Transistor Logic Clock Has 777 Transistors

Sometimes, the parts list says it all. 777 transistors, 1223 resistors, 136 LEDs, 455 crimp connectors, 41 protoboards and 500 grams of solder. That’s what went into this transistor logic clock build.

While additional diodes and capacitors were tolerated in this project, a consequent implementation of a discrete transistor logic clock, of course, does not contain a quarz oscillator. Instead, it extracts its clock signal from the mains frequency in its power supply. Because mains frequency is slow, it can be stepped down to a clock-applicable 1 Hz by a simple counter unit which already spreads its discrete transistors across 4 protoboards.

In total, 28 Flip Flops were assembled on individual boards. Most of them went into the counters for hours, minutes and seconds. The counters are orchestrated by reset boards that know how far each counter shall count and reset them when necessary while incrementing the next counter — a transistor-based overflow interrupt. The output of the counters feeds into a multiplexer (3 boards), clocked by a 300 Hz timing circuit based on a 555 timer, also implemented from discrete components. Eventually, a 7 segment decoder (2 boards) sends the numbers to the displays.

Fine tuning the clock speed may require a quick call to the electricity provider isn’t even necessary due to the long term stability of the mains frequency maintained in large parts of the world (Thanks Tom!). The end result is a beautifully crafted, modular transistor logic clock!

This is good news for those of you who have been coveting the MOnSter6502 project. Practice your SMD transistor PCB layout with this project before you try to recreate that monster of a board layout project.

Thanks to [BB] for the tip!

23 thoughts on “Transistor Logic Clock Has 777 Transistors

  1. “Fine tuning the clock speed may require a quick call to the electricity provider, but the end result is nevertheless a beautifully crafted, modular transistor logic clock!”
    We’ve had this discussion before: The mains frequency is highly accurate when averaged over a couple of days, explicitly because a lot of clocks use it for timekeeping.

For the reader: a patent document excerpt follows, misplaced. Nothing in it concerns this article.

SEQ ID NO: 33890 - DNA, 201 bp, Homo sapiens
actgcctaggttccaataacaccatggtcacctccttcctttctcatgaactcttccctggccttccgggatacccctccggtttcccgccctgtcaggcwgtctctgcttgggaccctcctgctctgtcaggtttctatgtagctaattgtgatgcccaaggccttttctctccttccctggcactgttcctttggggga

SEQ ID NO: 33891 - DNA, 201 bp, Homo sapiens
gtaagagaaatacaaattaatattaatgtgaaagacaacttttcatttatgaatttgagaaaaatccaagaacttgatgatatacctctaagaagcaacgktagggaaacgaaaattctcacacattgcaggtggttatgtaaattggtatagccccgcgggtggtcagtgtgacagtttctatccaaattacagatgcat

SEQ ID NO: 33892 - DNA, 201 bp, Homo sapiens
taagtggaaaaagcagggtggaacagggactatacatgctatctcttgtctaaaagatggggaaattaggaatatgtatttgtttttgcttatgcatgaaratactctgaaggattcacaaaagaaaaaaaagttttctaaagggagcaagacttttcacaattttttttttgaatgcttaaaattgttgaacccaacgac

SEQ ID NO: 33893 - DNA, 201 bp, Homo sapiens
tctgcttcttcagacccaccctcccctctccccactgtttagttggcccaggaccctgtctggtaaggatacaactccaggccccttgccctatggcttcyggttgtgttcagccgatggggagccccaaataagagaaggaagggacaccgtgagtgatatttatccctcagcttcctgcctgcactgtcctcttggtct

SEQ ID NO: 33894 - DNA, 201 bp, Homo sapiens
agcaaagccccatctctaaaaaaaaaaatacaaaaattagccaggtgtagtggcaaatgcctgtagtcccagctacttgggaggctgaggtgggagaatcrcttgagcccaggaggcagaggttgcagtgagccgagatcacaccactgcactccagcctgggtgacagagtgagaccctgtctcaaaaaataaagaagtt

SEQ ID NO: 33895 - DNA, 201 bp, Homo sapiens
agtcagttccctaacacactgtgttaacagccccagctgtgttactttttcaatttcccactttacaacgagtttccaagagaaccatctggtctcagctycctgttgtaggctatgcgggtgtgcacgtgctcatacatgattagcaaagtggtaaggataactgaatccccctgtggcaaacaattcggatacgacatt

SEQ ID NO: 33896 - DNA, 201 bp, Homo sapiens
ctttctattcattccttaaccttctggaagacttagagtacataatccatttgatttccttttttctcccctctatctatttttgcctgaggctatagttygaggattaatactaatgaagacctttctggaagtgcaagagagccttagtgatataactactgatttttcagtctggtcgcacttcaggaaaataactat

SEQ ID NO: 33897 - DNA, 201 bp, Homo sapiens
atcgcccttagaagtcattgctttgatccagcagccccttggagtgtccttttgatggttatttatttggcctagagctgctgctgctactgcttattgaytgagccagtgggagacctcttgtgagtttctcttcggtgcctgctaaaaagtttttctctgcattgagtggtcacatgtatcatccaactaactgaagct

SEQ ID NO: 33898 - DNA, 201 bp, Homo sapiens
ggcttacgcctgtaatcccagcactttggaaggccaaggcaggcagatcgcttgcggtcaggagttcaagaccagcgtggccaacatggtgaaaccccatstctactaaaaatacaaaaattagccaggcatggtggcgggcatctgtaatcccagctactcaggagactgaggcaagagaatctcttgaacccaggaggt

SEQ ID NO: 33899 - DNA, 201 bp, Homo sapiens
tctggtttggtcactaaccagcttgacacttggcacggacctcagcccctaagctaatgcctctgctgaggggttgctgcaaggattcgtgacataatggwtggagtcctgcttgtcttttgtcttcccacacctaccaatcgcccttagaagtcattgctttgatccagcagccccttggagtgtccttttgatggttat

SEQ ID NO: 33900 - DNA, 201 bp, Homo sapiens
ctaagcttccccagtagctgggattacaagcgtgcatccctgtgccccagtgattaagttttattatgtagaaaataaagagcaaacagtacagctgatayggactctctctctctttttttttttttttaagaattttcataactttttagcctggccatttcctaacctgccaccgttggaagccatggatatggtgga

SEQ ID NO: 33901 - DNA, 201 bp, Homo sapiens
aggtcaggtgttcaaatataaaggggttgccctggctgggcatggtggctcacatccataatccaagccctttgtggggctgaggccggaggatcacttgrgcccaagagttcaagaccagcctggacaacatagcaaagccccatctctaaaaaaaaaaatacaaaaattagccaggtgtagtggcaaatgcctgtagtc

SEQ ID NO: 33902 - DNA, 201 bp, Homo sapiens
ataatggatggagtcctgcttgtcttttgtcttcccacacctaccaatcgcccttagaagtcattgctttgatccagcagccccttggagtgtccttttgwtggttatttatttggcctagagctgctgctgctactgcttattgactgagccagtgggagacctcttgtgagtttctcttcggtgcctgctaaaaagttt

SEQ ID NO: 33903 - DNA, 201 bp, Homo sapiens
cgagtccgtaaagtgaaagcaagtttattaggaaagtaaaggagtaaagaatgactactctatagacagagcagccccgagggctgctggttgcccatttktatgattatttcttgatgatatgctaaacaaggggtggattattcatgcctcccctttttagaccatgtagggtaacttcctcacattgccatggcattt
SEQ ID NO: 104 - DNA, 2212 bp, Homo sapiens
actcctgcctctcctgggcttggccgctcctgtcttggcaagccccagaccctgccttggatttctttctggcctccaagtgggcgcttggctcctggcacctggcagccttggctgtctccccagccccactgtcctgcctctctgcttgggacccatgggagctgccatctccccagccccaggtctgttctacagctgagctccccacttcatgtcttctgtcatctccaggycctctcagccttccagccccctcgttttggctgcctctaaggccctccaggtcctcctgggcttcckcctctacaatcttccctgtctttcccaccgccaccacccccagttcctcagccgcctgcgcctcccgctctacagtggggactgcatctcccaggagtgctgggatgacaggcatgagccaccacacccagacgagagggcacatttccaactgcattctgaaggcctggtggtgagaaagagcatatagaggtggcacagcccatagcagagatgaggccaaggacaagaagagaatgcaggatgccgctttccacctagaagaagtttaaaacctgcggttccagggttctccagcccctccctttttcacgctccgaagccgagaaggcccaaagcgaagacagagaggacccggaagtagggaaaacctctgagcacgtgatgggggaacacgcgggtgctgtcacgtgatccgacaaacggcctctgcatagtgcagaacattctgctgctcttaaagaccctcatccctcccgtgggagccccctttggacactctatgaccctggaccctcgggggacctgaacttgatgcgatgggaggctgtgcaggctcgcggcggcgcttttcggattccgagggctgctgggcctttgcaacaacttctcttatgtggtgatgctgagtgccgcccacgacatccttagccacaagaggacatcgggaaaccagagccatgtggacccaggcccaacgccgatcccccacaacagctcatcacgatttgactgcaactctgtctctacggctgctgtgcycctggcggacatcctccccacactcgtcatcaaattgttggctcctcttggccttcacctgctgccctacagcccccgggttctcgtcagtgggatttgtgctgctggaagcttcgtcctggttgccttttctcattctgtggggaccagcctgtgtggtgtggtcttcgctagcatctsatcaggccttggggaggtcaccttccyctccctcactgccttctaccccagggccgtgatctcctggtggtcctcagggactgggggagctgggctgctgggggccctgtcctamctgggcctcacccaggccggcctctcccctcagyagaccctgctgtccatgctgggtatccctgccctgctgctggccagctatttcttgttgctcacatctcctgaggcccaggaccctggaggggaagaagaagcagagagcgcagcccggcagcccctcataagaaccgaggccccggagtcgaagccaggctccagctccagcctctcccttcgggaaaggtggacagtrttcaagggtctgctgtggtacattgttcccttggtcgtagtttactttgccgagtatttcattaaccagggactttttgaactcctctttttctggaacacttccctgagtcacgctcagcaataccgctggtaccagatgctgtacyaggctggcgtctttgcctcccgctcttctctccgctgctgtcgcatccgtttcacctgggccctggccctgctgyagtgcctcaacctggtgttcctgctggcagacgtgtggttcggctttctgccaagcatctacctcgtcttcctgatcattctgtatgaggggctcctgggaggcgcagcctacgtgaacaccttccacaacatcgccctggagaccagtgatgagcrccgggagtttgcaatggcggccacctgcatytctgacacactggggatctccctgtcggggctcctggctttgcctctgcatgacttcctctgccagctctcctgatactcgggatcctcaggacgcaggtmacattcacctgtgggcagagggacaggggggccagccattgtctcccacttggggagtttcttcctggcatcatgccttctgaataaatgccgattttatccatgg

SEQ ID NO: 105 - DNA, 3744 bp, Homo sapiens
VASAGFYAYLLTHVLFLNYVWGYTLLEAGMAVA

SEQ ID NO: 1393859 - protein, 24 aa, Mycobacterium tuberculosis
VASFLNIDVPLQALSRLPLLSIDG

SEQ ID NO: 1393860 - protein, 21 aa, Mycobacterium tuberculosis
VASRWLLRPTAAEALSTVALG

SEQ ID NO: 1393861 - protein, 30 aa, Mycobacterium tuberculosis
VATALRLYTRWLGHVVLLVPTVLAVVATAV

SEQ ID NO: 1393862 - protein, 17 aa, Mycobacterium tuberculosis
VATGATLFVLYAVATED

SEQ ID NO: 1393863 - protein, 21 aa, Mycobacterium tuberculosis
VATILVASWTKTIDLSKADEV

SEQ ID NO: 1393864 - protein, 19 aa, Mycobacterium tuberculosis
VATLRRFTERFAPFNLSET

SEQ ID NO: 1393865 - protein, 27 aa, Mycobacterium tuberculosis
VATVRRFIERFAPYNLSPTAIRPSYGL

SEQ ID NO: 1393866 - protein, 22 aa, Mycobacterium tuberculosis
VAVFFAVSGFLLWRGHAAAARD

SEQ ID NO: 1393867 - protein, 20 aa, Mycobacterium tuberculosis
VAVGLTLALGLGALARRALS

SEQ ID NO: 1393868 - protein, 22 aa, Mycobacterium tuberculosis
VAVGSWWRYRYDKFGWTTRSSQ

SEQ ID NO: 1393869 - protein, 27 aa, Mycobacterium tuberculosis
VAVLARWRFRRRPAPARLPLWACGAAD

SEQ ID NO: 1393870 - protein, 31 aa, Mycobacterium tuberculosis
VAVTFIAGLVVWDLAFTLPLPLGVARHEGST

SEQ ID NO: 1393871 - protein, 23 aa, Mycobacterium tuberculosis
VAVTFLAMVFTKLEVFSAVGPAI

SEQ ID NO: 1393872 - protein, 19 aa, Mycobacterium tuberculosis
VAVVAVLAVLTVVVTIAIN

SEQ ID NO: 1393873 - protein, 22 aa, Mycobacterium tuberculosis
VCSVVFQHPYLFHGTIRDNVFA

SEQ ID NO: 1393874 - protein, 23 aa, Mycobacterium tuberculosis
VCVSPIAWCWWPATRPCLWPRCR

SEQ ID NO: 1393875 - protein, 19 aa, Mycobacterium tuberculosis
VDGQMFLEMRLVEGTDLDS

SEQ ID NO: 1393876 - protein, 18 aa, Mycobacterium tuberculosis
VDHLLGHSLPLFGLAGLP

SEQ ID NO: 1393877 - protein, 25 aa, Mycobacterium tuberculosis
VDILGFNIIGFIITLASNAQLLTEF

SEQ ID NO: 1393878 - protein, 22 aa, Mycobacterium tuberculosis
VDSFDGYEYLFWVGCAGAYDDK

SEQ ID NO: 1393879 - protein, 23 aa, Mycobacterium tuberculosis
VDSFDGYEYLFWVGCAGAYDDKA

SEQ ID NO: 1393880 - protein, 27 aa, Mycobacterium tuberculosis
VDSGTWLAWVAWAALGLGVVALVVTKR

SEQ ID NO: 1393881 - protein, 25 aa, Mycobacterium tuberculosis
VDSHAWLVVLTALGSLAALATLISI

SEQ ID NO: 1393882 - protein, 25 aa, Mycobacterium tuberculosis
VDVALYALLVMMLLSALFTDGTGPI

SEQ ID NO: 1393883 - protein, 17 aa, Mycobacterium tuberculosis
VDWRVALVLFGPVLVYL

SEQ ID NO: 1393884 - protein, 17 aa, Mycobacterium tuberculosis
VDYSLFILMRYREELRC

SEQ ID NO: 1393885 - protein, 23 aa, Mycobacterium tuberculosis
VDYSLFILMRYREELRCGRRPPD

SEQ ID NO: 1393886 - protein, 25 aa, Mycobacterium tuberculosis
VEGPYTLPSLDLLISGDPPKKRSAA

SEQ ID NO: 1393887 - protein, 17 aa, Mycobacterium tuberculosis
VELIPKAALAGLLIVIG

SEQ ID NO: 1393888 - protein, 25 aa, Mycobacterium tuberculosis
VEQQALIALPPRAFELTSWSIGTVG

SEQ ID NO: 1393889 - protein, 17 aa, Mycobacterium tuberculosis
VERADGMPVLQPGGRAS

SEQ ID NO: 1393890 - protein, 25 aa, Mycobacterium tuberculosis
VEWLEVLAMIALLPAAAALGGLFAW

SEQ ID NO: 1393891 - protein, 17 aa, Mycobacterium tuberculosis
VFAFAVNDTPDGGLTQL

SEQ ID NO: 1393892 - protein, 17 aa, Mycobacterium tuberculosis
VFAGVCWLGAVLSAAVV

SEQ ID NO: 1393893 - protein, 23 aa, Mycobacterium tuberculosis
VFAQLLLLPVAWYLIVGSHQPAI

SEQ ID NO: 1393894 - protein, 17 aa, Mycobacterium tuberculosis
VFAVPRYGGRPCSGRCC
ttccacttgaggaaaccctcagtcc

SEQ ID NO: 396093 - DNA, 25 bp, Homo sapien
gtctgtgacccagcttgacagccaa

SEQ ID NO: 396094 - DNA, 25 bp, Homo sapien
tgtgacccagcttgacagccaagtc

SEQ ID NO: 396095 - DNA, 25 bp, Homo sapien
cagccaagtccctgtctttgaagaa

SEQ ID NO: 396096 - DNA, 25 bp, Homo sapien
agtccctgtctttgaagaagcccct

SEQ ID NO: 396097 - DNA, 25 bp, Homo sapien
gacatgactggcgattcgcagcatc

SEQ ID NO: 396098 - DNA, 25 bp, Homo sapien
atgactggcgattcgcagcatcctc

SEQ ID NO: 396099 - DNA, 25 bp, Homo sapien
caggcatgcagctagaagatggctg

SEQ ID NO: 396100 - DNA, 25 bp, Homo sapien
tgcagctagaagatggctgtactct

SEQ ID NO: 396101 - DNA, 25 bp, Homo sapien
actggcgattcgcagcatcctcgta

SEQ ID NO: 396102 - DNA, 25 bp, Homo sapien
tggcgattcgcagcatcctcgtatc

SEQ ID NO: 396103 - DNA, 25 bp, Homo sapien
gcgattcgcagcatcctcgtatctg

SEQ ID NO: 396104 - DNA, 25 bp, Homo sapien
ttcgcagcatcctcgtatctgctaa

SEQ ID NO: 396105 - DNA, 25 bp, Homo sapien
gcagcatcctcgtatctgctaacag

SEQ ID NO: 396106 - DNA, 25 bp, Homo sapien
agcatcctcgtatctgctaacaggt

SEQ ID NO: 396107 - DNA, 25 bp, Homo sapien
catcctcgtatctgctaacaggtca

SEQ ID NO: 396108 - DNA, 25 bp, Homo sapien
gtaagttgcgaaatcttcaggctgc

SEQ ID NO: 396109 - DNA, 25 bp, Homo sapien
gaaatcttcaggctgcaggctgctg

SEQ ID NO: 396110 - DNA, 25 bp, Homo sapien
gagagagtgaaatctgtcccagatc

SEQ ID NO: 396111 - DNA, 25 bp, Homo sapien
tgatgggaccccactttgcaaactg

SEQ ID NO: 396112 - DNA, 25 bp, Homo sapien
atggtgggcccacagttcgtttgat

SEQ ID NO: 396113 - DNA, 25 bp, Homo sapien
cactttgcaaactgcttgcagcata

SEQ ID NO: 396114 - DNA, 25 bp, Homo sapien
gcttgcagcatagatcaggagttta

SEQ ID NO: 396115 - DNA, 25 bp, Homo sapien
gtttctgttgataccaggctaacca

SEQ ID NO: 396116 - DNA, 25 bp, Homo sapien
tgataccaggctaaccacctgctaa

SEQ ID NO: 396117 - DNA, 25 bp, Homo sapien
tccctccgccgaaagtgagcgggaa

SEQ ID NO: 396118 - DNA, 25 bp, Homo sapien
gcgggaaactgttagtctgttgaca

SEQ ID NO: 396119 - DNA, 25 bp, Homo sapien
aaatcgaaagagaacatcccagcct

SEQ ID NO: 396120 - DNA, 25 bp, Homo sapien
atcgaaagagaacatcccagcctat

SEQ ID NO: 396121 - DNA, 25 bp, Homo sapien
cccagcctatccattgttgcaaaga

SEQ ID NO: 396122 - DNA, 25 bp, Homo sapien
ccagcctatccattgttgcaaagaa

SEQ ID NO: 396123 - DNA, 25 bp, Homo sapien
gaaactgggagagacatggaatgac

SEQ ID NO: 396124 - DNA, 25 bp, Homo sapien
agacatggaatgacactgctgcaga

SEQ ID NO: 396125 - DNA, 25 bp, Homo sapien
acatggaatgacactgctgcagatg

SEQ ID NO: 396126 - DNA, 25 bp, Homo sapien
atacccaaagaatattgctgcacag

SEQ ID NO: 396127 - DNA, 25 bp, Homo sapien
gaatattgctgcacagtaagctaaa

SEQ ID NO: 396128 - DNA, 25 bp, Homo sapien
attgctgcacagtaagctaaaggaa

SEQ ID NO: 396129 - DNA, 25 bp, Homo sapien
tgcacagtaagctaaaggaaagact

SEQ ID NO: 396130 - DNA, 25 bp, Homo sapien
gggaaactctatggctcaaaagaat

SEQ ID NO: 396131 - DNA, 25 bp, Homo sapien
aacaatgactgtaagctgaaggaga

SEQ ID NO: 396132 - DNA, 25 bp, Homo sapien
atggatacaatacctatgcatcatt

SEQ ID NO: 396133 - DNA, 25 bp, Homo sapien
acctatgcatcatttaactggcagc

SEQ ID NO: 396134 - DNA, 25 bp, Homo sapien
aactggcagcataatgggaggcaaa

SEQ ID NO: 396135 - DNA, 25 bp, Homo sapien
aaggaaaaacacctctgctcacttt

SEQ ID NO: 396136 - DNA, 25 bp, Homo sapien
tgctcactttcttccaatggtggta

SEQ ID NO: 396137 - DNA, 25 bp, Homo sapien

2. Hahaha! Ridiculously cool build, but I have a suggestion. Now that you’re certain the circuit works…
    Do it dead-bug-style!
    I honestly would probably buy it from you if that were to happen.
    Great job. My favorite image is the back of the multiplexer, the blue jumpers are very neatly curved.

  3. Very, very nice. Nice construction, nice presentation. And das blinkenlights! I’m a big fan of status LEDs on each flip-flop. But “of course” no crystal oscillator? Come on now, seven flip-flops were spent on dividing 50 Hz down to 1 Hz. It would have only added eight more to divide down from 32,768 Hz, plus the oscillator itself. But then there would have been a number of flip-flops running too fast to see, so maybe this was for the best. The fully-discrete 555-equivalent was the frosting on the cake, but maybe overkill – a free-running multivibrator could have been done in four transistors, including buffers.

    1. > But then there would have been a number of flip-flops running too fast to see […]

      Now, if you can see 300 Hz (heck, if you can see 37.5 Hz!) I’d like to have a talk with you. What’s your optical bandwidth?


      1. It’s not as difficult as you may think: take a LED that blinks at that frequency and move it really fast with your hand, preferably in the dark. You’ll see spots instead of a continuous line. You can even roughly calculate the frequency based on the apparent size of the dots and the speed of your hand.

  4. Mains may be longterm stable but in the short term it’s frequency can vary quite a bit. [ For a clock anyway. ] He might want to bring down the frequency of his discreet 555 and maybe add a temperature sensor to trim the frequency.

    1. Even then, the mains frequency tolerance and stability is going to be much better than what you get out of uncalibrated discrete 555 timer circuit. The transistors are not going to be matched as closely as you’ll get inside a chip, so all bets are off on the voltage/temperature sensitivities.

      Before he can do any temperature compensation, he has to characterize how the timing varies with temperature.

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